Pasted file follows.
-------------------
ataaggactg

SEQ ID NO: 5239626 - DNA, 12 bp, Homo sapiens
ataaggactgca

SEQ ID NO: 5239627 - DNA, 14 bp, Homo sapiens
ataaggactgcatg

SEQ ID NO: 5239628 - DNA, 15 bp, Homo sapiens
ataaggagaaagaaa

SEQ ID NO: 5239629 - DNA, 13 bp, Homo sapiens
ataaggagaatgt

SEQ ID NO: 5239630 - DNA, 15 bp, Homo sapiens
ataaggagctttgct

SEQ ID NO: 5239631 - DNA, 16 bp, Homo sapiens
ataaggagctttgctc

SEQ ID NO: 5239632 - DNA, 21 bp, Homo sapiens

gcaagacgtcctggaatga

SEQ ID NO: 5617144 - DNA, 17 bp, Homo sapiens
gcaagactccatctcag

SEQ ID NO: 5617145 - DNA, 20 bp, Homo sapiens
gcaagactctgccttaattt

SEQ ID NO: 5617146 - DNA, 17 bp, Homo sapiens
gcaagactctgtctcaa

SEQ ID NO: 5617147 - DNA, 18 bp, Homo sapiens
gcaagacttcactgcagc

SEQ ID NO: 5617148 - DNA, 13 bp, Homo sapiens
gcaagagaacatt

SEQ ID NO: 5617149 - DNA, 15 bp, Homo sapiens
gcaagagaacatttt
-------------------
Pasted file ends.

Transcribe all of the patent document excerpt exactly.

ataaggactg

SEQ ID NO: 5239626 - DNA, 12 bp, Homo sapiens
ataaggactgca

SEQ ID NO: 5239627 - DNA, 14 bp, Homo sapiens
ataaggactgcatg

SEQ ID NO: 5239628 - DNA, 15 bp, Homo sapiens
ataaggagaaagaaa

SEQ ID NO: 5239629 - DNA, 13 bp, Homo sapiens
ataaggagaatgt

SEQ ID NO: 5239630 - DNA, 15 bp, Homo sapiens
ataaggagctttgct

SEQ ID NO: 5239631 - DNA, 16 bp, Homo sapiens
ataaggagctttgctc

SEQ ID NO: 5239632 - DNA, 21 bp, Homo sapiens

gcaagacgtcctggaatga

SEQ ID NO: 5617144 - DNA, 17 bp, Homo sapiens
gcaagactccatctcag

SEQ ID NO: 5617145 - DNA, 20 bp, Homo sapiens
gcaagactctgccttaattt

SEQ ID NO: 5617146 - DNA, 17 bp, Homo sapiens
gcaagactctgtctcaa

SEQ ID NO: 5617147 - DNA, 18 bp, Homo sapiens
gcaagacttcactgcagc

SEQ ID NO: 5617148 - DNA, 13 bp, Homo sapiens
gcaagagaacatt

SEQ ID NO: 5617149 - DNA, 15 bp, Homo sapiens
gcaagagaacatttt